On today’s ACES Implementation TAC meeting there was a lot of discussion about the status of CTL as a language.
If there’s interest, I’d like to propose a meeting to discuss the topic further. Please reply to this message if you’re interested in participating so we can find a time zone appropriate date and time to throw some ideas around.
yeah, sorry I had to leave the meeting early, let’s have a chat. I can talk about what Thomas was mentioning. Although why I had originally started ctlcc was to be able to provide these other languages from one reference, such that we don’t get version skew, and so it could be more optimally executed than just a simple interpreter.
The question, I suppose, is what are we looking to get out of CTL?
As it stands, it seems it is perfectly adequate for the purpose of being a simple human readable expression of the mathematical definition of a transform, with ctlrender as a self-contained executable to pass an image through as ground truth for comparison with another implementation of the same transform. The only thing I think would be a useful addition for that purpose would be another utility, similar to ctlrender (or maybe just an argument to it) that would process a single set of RGB or RGBA values through the transform, for testing purposes.
But it sounds like people may be looking for a production usable version of ctlrender that can be used to batch process images through a transform. The current version is not really fast enough for that, particularly if dealing with 4k or 8k plates, which weren’t really common when CTL was conceived. Is there a desire to use CTL in that way?
we would also be interested in further developing the tooling around CTL.
One obvious goal from our side would be to execute the ACES IDTs and ODTs in real time on the GPU for live grading. ctlrender is of no use to us in this case, as it is running on the CPU (and therefore too slow for us) and it is impossible to integrate it with our color processing pipeline that is running on the GPU (implemented with Apple’s CoreImage framework).
We would especially be interested in a CTL to GLSL transpiler, especially one that is compatible with the CoreImage Kernel language (which would exclude the support for loops). Or one that does transpile to Apple’s Metal Shader Language.
From my experience, I would advice not to use LLVM IR. LLVM IR is very much an internal representation for LLVM and its subprojects. You can’t really expect it to work with future LLVM versions and it is very loosely defined. Basically the whole reason for leaving SPIR behind (which was based on LLVM-IR) and developing SPIR-V was that LLVM IR is rather cumbersome to use outside of LLVM. So if we want to go with an existing intermediate representation, I would suggest going with SPIR-V.
Just looking at the time zones of those who have expected interest, it looks like 1PM PDT is probably the best time for a conference call. Please vote for dates that work for you. No promises that the most popular choice wins as there’s a few people we clearly want to make sure are on call.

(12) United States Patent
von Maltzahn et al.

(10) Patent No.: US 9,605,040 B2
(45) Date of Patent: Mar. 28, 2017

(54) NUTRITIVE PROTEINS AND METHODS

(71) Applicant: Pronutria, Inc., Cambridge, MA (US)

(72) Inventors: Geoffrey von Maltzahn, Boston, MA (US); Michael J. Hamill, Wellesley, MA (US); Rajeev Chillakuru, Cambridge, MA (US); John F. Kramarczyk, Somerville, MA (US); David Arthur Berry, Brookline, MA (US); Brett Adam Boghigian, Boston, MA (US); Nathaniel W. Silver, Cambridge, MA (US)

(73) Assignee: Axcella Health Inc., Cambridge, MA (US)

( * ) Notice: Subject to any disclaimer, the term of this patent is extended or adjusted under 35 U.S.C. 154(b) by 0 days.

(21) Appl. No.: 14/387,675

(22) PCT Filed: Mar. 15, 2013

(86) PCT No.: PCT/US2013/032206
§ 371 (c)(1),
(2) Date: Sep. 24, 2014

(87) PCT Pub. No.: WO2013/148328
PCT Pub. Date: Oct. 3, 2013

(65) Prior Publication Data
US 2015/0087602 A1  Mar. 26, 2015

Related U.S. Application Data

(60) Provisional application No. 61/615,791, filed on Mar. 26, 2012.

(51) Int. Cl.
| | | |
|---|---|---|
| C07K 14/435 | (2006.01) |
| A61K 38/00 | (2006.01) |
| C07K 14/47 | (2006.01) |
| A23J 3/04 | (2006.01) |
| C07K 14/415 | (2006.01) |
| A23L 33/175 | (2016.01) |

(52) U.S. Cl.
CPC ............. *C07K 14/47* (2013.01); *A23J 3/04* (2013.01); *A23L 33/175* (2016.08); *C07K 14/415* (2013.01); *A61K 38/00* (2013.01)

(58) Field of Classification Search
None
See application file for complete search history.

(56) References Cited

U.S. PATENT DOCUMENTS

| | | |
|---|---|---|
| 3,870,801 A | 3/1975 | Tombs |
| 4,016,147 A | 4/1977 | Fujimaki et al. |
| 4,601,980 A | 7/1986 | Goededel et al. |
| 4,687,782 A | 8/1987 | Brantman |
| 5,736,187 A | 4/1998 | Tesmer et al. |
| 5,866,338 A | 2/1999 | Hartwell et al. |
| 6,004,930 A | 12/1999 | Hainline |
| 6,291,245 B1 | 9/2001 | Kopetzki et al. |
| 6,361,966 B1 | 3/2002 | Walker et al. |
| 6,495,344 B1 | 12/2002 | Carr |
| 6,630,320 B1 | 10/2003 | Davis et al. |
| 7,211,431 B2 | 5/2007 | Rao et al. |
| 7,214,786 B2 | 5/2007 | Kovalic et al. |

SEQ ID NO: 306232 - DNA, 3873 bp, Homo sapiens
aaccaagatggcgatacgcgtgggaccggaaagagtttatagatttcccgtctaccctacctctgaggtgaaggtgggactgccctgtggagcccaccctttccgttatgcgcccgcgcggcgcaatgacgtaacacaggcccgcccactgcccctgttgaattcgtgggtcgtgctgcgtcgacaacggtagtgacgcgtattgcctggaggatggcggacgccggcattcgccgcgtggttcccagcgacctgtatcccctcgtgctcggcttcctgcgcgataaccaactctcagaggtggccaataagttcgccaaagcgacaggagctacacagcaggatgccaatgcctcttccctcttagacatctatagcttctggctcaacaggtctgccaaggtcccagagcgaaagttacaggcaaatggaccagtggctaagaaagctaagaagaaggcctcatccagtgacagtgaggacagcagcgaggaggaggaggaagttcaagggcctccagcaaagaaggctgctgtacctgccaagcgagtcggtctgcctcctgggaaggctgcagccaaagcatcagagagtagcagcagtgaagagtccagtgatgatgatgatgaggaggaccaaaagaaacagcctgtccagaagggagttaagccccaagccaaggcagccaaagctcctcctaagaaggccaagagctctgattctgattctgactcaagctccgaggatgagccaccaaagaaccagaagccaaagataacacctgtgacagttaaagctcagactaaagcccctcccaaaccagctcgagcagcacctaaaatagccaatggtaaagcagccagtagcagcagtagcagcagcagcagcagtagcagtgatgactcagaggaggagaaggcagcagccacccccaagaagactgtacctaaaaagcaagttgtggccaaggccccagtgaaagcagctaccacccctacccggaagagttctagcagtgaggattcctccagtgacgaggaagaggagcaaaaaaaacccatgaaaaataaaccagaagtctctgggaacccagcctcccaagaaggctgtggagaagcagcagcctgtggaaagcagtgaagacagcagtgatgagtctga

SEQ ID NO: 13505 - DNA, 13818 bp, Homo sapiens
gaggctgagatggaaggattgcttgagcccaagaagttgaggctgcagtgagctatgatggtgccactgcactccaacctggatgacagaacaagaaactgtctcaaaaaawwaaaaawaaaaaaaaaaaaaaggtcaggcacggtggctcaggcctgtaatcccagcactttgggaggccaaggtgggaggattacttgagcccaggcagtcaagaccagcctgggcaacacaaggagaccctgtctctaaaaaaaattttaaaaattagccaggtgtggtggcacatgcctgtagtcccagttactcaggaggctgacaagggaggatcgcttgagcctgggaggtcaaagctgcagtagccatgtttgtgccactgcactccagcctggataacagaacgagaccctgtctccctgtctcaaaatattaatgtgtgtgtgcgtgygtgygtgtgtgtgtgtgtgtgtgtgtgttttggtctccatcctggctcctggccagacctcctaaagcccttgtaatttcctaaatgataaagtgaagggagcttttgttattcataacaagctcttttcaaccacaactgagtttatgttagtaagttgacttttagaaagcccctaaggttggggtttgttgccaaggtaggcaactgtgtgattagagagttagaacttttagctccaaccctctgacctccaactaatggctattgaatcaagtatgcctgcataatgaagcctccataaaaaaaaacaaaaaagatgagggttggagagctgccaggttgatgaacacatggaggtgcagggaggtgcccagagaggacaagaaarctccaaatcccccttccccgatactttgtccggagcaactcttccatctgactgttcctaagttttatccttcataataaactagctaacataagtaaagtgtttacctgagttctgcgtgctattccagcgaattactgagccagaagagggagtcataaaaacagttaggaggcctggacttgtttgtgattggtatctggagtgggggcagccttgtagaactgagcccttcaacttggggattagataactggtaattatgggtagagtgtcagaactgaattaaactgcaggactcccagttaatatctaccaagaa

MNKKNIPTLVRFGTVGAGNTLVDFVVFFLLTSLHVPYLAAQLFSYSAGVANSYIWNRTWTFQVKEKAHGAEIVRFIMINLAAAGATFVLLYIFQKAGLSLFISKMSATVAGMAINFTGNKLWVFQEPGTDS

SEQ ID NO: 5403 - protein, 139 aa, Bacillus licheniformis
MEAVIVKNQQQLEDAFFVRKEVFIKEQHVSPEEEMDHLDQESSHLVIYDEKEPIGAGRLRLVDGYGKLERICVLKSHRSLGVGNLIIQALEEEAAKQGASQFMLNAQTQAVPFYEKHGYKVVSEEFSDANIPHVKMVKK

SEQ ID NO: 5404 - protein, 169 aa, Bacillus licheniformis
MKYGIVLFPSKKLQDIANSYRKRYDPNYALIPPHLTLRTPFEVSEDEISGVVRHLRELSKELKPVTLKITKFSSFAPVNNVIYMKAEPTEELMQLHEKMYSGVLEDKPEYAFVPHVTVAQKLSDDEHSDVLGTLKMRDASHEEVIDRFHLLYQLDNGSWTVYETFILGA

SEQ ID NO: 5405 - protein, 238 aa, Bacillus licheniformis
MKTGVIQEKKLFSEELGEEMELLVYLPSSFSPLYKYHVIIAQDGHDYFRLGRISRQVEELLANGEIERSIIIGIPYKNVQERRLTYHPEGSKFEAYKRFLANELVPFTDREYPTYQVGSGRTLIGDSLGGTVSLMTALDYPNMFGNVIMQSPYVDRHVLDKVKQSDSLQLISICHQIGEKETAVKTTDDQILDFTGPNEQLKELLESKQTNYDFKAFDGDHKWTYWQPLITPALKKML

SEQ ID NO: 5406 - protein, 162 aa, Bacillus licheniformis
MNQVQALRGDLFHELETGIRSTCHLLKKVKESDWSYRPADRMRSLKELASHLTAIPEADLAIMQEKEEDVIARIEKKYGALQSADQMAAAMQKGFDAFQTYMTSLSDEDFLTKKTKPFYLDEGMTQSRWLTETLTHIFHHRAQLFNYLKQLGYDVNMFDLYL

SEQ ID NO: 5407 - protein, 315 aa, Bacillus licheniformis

looking at the bottom of the SPIRV-LLVM-Translator README under Branching Strategy, the SPIRV-LLVM-Translator itself seems to have to keep up-to-date with the current LLVM release and you have to use a certain version of SPIRV-LLVM-Translator to compile a certain version of LLVM-IR.
I would like to avoid the scenario where a hypothetical ctl-to-llvm tool would need an old SPIRV-LLVM version that is compatible with ctl-to-llvm’s version of LLVM IR. From my experience (admittedly that is based on a master thesis 6 years ago), LLVM IR is a moving target (it’s just meant as an intermediate representation for compilers, not as an exchange format between different tools - that’s the problem SPIR ran into and that’s why we got SPIR-V).
Also, the less tools I need to get to what I need (Metal Shader Language), the better, I would say.
LLVM IR would be ctl-to-llvm, SPIRV-LLVM-Translator, SPIRV-Cross.
SPIR-V would be ctl-to-spirv, SPIRV-Cross.
I mean, if I could have my wish, there would be an ctl-to-metalshader tool, that I could use to compile CTLs to the Metal Shader that I need, without dependencies on big libraries like LLVM.
But I think, as there are other people who need SPIR-V or HLSL on other platforms, SPIR-V might be a good compromise as a target, as we basically get the rest thanks to SPIRV-Cross. The only thing we would not get with SPIRV-Cross is CUDA, at least I could not find a way to convert SPIR-V into CUDA code.
But this is all just my opinion from my perspective.
The largest developer userbases are those of Unreal Engine and Unity and they dwarf anything else by orders of magnitude Going for SPIR-V and/or HLSL would certainly be an option that makes life much easier for us.
Metal at this stage is small fish in a rather large tank as far as ACES goes. Nothing against it but the walls of Apple’s Garden are higher and higher in an orthogonal way to the Open Source spirit and mantra of ACES.
Agree with your points, on the other side, LLVM IR (as a transient / intermediate step) seemed like an elegant way (for my novice eye!) of having both CPU and GPU implementations on par for “free” (at least theoretically).
Of course it does! Microsoft, Google, RedHat and Intel have simply more developers contributing to OSS than Apple. Microsoft has been the largest OSS contributor in the world for a few years now anyway. Happy to take the debate privately because this is not the place for it